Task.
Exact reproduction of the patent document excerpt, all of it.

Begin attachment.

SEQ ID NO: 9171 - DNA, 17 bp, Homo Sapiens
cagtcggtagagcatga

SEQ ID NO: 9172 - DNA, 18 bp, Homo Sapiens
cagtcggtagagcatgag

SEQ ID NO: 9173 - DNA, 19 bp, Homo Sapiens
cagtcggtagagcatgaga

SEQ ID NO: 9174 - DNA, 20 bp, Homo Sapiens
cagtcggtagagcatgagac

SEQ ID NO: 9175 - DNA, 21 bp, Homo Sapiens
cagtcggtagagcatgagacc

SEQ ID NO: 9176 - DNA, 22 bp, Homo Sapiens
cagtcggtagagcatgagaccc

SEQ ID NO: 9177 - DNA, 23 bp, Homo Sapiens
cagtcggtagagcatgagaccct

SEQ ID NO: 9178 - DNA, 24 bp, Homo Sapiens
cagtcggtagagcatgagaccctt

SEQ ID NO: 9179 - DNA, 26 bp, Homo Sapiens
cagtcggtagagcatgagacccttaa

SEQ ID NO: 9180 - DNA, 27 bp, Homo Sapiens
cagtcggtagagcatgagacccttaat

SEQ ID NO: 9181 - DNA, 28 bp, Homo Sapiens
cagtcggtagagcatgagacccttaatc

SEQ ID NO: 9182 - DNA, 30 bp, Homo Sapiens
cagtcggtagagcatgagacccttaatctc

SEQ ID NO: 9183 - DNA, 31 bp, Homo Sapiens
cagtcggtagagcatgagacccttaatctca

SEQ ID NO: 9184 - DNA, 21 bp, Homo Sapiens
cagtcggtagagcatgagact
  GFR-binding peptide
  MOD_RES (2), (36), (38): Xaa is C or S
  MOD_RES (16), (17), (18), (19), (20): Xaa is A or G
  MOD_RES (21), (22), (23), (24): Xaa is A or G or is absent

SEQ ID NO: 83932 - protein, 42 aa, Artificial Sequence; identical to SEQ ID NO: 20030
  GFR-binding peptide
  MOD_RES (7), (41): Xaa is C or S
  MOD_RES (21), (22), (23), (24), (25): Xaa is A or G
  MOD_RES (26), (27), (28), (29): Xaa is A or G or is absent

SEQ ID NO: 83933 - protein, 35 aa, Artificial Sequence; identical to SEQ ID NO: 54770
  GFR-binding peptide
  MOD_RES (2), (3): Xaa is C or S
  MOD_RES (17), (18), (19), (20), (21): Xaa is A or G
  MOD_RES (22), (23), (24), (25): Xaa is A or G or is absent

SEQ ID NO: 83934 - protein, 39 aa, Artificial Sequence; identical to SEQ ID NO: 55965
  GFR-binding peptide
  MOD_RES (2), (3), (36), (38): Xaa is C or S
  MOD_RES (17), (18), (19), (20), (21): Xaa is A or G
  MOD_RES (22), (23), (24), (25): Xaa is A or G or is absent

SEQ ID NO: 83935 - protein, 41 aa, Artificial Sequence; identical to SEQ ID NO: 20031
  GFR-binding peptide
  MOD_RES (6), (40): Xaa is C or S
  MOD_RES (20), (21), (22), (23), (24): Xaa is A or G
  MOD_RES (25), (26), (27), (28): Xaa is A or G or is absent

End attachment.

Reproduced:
SEQ ID NO: 9171 - DNA, 17 bp, Homo Sapiens
cagtcggtagagcatga

SEQ ID NO: 9172 - DNA, 18 bp, Homo Sapiens
cagtcggtagagcatgag

SEQ ID NO: 9173 - DNA, 19 bp, Homo Sapiens
cagtcggtagagcatgaga

SEQ ID NO: 9174 - DNA, 20 bp, Homo Sapiens
cagtcggtagagcatgagac

SEQ ID NO: 9175 - DNA, 21 bp, Homo Sapiens
cagtcggtagagcatgagacc

SEQ ID NO: 9176 - DNA, 22 bp, Homo Sapiens
cagtcggtagagcatgagaccc

SEQ ID NO: 9177 - DNA, 23 bp, Homo Sapiens
cagtcggtagagcatgagaccct

SEQ ID NO: 9178 - DNA, 24 bp, Homo Sapiens
cagtcggtagagcatgagaccctt

SEQ ID NO: 9179 - DNA, 26 bp, Homo Sapiens
cagtcggtagagcatgagacccttaa

SEQ ID NO: 9180 - DNA, 27 bp, Homo Sapiens
cagtcggtagagcatgagacccttaat

SEQ ID NO: 9181 - DNA, 28 bp, Homo Sapiens
cagtcggtagagcatgagacccttaatc

SEQ ID NO: 9182 - DNA, 30 bp, Homo Sapiens
cagtcggtagagcatgagacccttaatctc

SEQ ID NO: 9183 - DNA, 31 bp, Homo Sapiens
cagtcggtagagcatgagacccttaatctca

SEQ ID NO: 9184 - DNA, 21 bp, Homo Sapiens
cagtcggtagagcatgagact
  GFR-binding peptide
  MOD_RES (2), (36), (38): Xaa is C or S
  MOD_RES (16), (17), (18), (19), (20): Xaa is A or G
  MOD_RES (21), (22), (23), (24): Xaa is A or G or is absent

SEQ ID NO: 83932 - protein, 42 aa, Artificial Sequence; identical to SEQ ID NO: 20030
  GFR-binding peptide
  MOD_RES (7), (41): Xaa is C or S
  MOD_RES (21), (22), (23), (24), (25): Xaa is A or G
  MOD_RES (26), (27), (28), (29): Xaa is A or G or is absent

SEQ ID NO: 83933 - protein, 35 aa, Artificial Sequence; identical to SEQ ID NO: 54770
  GFR-binding peptide
  MOD_RES (2), (3): Xaa is C or S
  MOD_RES (17), (18), (19), (20), (21): Xaa is A or G
  MOD_RES (22), (23), (24), (25): Xaa is A or G or is absent

SEQ ID NO: 83934 - protein, 39 aa, Artificial Sequence; identical to SEQ ID NO: 55965
  GFR-binding peptide
  MOD_RES (2), (3), (36), (38): Xaa is C or S
  MOD_RES (17), (18), (19), (20), (21): Xaa is A or G
  MOD_RES (22), (23), (24), (25): Xaa is A or G or is absent

SEQ ID NO: 83935 - protein, 41 aa, Artificial Sequence; identical to SEQ ID NO: 20031
  GFR-binding peptide
  MOD_RES (6), (40): Xaa is C or S
  MOD_RES (20), (21), (22), (23), (24): Xaa is A or G
  MOD_RES (25), (26), (27), (28): Xaa is A or G or is absent